People v. Bledsoe

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[Crim. No. 11895. Second Dist., Div. One. July 24, 1967.]

THE PEOPLE, Plaintiff and Respondent, v. LEANDER BLEDSOE, Defendant and Appellant.

COUNSEL

Belan M. Wagner, under appointment by the Court of Appeal, for Defendant and Appellant.

Thomas C. Lynch, Attorney General, William E. James, Assistant Attorney General, and David N. Rakov, Deputy Attorney General, for Plaintiff and Respondent.

OPINION

FOURT, J.

This is an appeal from a judgment of conviction for murder in the first degree and from an order denying a motion for new trial. Defendant was found guilty by jury verdict, his motion for new trial was denied, he waived jury trial on the penalty and was sentenced by the court to life imprisonment.

The evidence discloses that on the evening of December 3, 1964, Lee Harris visited the 1044 Club in Long Beach with friends, left the bar at around 10 p.m., and was shot shortly thereafter on the sidewalk outside the club. The shotgun wound which caused Harris' death created a pattern of wide pellet dispersion across his chest and abdomen which could have been made only by a standard .12 gauge shotgun from about 39 feet or a sawed-off gun at relatively close range.

Mrs. Elizabeth Ricks, who operated "Mom's Pit Barbecue" across the street from the 1044 Club, testified that she was standing in the large bay window store front shortly after 10 p.m. when she saw Bledsoe leave the 1044 Club. Harris came outside five to ten minutes later. Bledsoe soon reappeared carrying an object about 2 feet long which to her appeared to be a club or a rifle. He approached and finally raised the object when he was only about 4 or 5 feet from Harris. There was the sound of a shot and Harris slumped to the sidewalk crying for help while Bledsoe disappeared down the street from whence he came. [252 Cal. App. 2d 729]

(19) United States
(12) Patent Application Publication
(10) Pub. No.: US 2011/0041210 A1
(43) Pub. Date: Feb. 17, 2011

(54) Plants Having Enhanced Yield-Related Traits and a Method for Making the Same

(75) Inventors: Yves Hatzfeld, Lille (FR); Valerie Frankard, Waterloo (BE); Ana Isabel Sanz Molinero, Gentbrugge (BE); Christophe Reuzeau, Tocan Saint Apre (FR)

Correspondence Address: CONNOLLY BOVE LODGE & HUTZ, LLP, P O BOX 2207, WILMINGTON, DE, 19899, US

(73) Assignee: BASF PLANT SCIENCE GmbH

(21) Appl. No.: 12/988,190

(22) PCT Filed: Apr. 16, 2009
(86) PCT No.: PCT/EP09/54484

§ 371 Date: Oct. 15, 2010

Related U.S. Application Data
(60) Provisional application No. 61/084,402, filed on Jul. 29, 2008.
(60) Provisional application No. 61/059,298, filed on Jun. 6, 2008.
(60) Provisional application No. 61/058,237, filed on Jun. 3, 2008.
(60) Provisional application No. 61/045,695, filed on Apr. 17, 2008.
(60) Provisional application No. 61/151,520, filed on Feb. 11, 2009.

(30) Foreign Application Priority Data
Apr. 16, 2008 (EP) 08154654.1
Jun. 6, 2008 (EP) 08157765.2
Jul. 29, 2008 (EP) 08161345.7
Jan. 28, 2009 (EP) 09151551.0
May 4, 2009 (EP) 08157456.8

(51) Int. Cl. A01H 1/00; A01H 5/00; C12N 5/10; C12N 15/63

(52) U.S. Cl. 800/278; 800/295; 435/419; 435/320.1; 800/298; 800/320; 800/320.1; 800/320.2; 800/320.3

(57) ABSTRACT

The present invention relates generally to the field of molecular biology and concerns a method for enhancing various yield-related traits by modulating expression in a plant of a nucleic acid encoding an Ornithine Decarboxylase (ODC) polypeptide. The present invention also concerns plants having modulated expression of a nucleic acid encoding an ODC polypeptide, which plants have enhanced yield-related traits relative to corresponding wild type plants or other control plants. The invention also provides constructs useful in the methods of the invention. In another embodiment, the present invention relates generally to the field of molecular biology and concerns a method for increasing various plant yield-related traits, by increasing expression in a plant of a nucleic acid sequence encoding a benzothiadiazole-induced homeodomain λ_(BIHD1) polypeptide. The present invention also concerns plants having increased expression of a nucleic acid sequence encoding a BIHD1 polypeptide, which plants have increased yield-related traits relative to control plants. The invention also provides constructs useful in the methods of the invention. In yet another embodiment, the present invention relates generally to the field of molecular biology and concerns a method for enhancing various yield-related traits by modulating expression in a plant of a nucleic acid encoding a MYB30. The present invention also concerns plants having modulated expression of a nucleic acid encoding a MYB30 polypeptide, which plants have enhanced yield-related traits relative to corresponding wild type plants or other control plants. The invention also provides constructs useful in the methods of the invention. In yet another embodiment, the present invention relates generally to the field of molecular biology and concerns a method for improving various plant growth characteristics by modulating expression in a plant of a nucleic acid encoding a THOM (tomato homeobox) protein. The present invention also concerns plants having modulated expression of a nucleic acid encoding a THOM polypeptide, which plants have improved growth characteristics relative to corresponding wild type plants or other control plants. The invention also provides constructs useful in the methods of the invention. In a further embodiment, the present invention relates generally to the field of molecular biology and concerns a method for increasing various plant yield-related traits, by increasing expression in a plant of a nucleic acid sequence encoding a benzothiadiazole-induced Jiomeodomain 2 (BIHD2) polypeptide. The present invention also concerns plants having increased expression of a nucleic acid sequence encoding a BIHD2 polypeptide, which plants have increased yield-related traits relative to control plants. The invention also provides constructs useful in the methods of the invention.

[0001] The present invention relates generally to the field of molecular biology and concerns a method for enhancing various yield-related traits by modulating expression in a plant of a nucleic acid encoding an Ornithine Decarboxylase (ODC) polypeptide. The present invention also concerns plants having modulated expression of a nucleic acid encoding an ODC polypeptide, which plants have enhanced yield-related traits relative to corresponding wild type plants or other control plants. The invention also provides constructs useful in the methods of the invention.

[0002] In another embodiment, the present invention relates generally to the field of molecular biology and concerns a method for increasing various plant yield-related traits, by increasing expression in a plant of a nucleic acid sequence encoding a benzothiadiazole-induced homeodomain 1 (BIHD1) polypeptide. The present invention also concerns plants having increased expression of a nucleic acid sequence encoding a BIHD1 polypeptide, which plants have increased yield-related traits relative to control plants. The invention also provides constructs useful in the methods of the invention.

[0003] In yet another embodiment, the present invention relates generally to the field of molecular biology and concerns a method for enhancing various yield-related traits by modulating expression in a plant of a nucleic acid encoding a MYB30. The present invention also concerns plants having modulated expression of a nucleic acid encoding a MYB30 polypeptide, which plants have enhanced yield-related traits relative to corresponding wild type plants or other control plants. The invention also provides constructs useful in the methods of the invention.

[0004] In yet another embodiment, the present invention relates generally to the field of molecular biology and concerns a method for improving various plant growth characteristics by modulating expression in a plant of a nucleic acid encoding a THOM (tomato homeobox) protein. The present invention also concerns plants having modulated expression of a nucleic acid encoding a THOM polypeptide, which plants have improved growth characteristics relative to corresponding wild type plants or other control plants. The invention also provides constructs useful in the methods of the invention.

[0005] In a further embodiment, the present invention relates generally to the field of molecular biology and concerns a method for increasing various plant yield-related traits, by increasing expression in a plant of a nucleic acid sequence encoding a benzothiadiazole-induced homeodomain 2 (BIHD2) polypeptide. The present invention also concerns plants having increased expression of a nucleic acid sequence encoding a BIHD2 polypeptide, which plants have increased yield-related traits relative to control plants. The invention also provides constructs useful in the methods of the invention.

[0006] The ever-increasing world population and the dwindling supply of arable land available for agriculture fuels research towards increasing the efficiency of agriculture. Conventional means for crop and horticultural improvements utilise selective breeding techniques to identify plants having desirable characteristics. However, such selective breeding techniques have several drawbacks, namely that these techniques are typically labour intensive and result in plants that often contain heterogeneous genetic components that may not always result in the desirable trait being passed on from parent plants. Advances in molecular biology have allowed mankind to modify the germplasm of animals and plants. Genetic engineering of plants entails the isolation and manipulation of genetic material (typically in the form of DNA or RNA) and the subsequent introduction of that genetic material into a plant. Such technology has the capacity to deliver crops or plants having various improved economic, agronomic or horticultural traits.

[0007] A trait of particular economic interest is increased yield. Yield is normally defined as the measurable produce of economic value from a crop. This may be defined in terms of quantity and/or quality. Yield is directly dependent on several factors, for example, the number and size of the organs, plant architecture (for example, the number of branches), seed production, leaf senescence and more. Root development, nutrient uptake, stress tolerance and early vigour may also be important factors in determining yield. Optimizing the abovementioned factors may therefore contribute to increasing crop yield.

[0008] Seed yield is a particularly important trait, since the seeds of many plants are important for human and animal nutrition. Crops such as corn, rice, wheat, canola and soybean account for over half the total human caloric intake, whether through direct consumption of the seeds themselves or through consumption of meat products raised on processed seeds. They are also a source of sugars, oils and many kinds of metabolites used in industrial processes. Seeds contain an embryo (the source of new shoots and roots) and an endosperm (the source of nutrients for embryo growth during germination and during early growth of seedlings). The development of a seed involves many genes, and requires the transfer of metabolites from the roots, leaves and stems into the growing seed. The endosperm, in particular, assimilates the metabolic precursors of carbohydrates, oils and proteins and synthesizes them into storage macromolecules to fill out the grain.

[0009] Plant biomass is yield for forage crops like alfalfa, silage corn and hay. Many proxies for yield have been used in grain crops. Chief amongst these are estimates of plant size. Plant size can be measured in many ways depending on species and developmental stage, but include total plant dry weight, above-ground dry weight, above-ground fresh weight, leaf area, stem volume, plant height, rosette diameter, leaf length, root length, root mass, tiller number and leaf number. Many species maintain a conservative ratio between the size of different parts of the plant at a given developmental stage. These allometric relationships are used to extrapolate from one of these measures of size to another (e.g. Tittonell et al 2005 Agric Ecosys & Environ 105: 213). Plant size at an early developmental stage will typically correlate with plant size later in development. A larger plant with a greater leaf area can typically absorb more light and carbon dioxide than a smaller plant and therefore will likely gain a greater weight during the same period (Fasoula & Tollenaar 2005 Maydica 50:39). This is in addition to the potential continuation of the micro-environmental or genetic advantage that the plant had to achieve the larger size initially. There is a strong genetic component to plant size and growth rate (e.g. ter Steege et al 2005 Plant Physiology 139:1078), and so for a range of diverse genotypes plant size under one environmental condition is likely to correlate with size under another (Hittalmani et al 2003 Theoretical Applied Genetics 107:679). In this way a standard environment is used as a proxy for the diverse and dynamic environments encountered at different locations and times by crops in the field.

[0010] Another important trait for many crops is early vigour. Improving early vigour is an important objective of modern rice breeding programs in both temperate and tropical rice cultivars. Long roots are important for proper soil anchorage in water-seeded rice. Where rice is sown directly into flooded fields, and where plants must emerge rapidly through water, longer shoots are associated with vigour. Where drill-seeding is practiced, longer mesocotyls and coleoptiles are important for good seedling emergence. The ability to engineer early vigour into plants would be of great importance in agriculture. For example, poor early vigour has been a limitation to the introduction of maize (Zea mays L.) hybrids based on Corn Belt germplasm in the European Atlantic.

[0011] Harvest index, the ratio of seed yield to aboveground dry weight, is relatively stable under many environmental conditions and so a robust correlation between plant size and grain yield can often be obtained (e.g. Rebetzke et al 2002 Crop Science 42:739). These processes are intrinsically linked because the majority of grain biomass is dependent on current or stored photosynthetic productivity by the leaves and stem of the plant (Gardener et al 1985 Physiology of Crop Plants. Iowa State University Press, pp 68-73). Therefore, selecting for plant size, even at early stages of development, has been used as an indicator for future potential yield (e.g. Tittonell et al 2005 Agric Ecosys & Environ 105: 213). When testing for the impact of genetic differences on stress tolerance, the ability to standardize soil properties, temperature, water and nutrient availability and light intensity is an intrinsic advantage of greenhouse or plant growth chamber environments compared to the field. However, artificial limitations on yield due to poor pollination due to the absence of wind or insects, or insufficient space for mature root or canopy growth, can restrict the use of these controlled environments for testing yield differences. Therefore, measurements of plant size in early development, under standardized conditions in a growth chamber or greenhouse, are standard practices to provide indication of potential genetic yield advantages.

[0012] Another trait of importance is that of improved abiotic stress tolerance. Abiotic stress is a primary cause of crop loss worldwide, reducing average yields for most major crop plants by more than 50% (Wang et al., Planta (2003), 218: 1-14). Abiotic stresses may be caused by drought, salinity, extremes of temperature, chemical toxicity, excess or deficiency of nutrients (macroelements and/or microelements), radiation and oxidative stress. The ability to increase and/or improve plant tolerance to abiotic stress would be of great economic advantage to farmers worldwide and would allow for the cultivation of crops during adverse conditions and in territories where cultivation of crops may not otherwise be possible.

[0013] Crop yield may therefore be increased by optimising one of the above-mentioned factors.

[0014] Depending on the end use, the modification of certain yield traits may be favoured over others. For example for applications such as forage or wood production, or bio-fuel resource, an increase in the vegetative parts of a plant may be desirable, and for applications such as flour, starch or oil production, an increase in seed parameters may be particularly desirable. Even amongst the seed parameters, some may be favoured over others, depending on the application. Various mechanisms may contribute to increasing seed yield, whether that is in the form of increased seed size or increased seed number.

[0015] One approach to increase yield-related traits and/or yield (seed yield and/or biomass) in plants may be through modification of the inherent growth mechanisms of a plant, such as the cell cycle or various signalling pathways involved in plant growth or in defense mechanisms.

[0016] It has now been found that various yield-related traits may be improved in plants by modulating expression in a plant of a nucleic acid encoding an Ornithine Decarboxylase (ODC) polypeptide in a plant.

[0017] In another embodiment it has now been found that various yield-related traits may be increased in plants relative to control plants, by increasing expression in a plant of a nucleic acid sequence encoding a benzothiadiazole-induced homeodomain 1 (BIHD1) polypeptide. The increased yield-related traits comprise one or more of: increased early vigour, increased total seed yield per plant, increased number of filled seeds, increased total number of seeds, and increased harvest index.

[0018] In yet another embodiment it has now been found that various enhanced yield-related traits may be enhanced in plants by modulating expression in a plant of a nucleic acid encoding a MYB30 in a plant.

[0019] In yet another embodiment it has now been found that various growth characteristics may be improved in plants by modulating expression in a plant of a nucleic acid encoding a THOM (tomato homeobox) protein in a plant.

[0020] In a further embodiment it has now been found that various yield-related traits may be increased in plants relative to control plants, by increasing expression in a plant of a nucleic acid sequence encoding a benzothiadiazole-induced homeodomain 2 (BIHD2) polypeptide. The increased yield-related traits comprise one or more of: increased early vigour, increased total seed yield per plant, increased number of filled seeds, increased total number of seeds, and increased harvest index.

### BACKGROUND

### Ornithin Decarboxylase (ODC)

Later that same evening Officer Robertson learned that a homicide had occurred and visited the scene. Harris' body already had been removed, but Mrs. Ricks told him that the crime was committed by a man known to her only as the boyfriend or husband of Gladys da Veiga. Officer Robertson knew both Gladys and Bledsoe, whom Gladys earlier had identified to him as her boyfriend, and had seen Bledsoe in apartment 4 at 1065 East 19th Street in Long Beach the day preceding the murder. Officer Robertson knew Bledsoe as a suspect in numerous robberies wherein the robber had been armed with a shotgun; he was informed that the weapon in this instance was a shotgun, and only three weeks earlier he had entered Bledsoe's apartment with a search warrant to find the weapon used in an attempted murder. With this information in mind, Officer Robertson went immediately to the subject apartment in the company of other officers looking for Bledsoe. They arrived about 11:30 p.m. without a search warrant and broke down the door when they received no response to their knocks. They discovered no evidence except splinters of wood around a bureau which had been damaged apparently by a shotgun blast.